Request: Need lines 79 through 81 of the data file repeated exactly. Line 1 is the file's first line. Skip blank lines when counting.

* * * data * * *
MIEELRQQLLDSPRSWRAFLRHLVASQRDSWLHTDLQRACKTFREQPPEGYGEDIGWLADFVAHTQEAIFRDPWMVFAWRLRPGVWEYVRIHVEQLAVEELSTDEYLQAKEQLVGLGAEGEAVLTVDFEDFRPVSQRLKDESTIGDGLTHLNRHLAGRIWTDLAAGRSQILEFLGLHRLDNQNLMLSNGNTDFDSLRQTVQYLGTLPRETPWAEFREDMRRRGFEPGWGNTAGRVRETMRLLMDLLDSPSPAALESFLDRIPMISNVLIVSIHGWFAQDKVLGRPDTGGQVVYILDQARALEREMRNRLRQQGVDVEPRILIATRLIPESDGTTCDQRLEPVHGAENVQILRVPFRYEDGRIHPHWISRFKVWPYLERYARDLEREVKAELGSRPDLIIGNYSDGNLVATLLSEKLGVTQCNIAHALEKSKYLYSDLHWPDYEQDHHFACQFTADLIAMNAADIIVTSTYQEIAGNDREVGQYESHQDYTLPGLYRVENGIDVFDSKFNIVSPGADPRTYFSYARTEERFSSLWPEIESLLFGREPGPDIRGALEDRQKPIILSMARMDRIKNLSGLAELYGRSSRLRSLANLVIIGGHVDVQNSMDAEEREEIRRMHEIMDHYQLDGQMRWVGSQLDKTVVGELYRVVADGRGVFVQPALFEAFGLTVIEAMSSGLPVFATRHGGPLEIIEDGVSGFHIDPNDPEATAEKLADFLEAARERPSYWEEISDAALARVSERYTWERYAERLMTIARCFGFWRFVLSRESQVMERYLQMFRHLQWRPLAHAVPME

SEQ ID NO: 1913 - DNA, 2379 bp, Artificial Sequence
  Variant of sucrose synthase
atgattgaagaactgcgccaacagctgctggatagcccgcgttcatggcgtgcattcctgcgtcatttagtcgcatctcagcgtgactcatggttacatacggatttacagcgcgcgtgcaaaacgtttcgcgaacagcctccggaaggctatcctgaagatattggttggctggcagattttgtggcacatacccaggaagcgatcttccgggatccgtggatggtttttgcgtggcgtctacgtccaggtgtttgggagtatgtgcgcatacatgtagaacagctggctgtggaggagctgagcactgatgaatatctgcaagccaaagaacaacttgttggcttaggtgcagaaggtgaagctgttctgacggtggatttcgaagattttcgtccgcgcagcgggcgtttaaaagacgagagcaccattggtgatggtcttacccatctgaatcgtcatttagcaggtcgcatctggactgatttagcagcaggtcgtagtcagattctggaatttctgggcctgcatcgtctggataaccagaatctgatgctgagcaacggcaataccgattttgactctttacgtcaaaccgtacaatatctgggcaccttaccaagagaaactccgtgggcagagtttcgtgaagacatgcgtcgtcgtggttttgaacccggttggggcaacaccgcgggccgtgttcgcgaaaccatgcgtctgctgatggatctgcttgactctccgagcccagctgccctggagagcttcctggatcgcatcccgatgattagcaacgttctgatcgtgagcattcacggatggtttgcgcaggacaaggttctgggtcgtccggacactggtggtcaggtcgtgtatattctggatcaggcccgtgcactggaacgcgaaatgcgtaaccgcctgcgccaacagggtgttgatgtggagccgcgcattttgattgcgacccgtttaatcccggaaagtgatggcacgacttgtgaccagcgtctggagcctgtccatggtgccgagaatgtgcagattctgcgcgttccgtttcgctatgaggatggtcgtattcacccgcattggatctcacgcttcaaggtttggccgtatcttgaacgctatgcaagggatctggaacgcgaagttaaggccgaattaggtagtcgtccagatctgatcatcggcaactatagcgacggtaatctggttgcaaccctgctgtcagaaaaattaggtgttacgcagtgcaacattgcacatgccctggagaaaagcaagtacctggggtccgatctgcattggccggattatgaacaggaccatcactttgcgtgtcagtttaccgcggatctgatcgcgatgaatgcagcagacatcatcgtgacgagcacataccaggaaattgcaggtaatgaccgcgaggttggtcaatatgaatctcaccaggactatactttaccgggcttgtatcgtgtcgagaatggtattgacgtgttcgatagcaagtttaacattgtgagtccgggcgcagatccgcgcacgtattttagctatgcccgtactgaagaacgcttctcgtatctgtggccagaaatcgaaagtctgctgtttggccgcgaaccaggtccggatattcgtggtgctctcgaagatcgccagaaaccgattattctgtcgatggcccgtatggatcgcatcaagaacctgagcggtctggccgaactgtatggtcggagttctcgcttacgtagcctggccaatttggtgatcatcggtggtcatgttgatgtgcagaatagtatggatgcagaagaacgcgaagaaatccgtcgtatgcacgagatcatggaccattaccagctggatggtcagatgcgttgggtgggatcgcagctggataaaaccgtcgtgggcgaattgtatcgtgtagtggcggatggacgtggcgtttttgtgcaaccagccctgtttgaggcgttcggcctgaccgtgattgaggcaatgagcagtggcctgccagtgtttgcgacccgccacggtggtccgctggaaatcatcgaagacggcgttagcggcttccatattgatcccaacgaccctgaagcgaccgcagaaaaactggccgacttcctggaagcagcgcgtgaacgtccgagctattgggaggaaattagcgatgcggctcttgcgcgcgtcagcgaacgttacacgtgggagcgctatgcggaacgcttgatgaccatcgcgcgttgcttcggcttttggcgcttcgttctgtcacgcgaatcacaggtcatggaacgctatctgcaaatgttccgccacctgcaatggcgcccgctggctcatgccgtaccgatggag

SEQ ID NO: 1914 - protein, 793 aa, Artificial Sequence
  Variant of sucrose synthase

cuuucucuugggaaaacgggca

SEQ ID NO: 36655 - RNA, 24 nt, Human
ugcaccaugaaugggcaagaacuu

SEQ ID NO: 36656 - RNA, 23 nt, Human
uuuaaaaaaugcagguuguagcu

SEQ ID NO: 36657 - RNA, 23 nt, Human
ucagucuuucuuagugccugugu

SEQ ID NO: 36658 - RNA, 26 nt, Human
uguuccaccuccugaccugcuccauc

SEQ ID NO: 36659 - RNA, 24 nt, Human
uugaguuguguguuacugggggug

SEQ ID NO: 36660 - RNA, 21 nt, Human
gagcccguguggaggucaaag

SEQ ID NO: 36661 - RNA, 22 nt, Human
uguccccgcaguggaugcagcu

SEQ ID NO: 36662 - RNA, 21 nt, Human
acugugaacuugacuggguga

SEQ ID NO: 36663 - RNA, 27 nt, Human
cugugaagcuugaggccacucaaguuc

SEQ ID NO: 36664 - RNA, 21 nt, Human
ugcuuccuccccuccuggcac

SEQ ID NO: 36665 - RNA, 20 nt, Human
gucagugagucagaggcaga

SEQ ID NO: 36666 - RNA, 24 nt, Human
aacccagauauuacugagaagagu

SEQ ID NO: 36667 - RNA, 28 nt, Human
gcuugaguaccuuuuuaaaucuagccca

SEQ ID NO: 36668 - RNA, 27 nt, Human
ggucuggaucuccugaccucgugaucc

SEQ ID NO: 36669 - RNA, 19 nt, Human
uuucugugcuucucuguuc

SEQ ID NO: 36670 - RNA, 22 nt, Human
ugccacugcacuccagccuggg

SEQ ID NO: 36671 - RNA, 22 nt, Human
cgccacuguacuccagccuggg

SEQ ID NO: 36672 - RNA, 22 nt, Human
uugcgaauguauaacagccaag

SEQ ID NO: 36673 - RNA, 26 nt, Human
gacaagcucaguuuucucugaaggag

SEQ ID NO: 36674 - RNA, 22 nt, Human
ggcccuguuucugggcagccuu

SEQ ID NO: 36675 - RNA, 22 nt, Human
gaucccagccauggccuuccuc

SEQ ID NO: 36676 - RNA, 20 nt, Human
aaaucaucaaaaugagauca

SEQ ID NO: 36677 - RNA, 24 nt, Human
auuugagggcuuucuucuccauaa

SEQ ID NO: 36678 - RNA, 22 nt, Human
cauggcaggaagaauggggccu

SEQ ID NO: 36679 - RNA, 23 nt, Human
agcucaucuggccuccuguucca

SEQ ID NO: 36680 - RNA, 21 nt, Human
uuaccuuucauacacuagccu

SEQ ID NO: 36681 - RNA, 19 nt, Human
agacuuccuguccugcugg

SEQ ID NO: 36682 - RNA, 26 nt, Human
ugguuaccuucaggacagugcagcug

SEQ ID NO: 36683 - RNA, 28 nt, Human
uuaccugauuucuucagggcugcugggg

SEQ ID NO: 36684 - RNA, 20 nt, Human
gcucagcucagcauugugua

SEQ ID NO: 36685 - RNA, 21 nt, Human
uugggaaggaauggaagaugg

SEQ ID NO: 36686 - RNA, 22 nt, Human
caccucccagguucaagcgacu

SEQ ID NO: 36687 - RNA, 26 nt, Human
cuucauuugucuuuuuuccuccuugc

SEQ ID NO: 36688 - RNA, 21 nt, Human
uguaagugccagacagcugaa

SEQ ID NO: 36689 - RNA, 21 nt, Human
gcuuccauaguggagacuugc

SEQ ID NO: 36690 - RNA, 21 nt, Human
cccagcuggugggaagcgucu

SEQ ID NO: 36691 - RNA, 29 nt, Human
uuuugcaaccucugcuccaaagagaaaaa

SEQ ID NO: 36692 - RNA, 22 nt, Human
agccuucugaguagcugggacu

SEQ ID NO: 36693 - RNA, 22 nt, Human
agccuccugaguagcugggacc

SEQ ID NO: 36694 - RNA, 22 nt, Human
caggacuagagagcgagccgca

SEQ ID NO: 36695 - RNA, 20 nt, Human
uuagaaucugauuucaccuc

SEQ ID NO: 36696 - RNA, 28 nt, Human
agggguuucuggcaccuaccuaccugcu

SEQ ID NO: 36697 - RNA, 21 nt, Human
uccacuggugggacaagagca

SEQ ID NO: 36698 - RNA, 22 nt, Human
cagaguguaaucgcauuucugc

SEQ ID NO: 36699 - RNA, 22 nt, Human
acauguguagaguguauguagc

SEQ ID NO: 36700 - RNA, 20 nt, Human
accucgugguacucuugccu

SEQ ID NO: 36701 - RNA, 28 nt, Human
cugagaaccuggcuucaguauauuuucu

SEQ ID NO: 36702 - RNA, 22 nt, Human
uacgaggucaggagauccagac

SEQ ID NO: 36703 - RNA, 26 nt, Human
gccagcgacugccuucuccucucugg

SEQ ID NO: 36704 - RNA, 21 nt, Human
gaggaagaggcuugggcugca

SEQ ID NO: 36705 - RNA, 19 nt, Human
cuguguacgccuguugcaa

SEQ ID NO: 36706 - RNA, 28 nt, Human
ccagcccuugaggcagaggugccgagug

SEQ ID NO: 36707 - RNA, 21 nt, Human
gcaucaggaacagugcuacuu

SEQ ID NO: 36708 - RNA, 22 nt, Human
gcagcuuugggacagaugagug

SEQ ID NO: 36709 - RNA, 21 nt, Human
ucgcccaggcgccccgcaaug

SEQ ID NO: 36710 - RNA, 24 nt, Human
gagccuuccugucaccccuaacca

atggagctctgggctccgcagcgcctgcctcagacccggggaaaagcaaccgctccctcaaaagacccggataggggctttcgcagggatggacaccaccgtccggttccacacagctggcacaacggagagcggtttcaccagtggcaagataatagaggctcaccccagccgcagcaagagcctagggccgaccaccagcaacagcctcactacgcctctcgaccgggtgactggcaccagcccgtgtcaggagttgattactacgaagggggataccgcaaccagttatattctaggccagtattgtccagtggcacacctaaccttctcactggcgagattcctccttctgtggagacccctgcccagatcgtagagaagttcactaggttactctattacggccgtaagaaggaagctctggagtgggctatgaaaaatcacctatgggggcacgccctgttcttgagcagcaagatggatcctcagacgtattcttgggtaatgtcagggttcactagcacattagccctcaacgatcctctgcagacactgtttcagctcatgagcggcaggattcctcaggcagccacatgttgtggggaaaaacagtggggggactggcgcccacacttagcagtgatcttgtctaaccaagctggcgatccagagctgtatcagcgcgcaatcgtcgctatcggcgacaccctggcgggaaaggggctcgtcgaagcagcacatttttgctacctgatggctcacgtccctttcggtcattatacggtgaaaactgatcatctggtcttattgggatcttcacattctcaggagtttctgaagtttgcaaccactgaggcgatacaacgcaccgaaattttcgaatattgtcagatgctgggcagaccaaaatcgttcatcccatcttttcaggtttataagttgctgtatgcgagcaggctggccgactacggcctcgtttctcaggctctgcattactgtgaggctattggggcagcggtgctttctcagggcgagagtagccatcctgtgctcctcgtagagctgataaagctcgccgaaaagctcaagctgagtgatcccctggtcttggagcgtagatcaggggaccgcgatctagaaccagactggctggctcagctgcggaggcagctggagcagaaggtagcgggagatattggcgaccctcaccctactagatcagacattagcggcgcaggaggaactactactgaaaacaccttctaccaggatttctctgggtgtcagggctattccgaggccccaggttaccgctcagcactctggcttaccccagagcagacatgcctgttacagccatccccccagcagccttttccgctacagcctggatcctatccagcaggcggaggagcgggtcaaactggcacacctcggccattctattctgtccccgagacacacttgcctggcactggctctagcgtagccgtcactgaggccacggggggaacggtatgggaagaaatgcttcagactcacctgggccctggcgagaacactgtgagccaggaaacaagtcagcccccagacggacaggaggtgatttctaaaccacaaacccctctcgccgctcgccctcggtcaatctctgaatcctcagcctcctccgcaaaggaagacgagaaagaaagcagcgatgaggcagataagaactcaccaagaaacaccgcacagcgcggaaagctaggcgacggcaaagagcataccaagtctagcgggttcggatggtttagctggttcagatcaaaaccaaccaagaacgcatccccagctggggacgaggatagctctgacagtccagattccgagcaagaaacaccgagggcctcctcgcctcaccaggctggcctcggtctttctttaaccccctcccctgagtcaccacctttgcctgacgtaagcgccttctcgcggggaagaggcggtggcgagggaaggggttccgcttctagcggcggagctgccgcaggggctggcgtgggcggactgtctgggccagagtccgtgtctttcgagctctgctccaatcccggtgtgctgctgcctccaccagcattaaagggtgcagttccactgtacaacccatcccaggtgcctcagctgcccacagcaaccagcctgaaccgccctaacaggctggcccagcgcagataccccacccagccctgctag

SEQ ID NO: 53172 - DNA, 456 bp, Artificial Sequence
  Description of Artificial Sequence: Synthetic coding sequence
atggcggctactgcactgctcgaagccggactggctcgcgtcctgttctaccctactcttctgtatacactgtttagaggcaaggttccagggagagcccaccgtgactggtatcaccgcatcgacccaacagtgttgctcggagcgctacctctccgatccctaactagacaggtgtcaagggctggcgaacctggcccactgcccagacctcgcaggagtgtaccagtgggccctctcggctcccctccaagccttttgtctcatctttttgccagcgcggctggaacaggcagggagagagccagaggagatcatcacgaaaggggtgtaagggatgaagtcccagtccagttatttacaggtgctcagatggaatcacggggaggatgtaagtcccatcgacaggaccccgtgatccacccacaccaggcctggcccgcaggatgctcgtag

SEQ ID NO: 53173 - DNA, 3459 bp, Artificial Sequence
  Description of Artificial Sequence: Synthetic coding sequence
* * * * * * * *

cccagcuggugggaagcgucu

SEQ ID NO: 36691 - RNA, 29 nt, Human
uuuugcaaccucugcuccaaagagaaaaa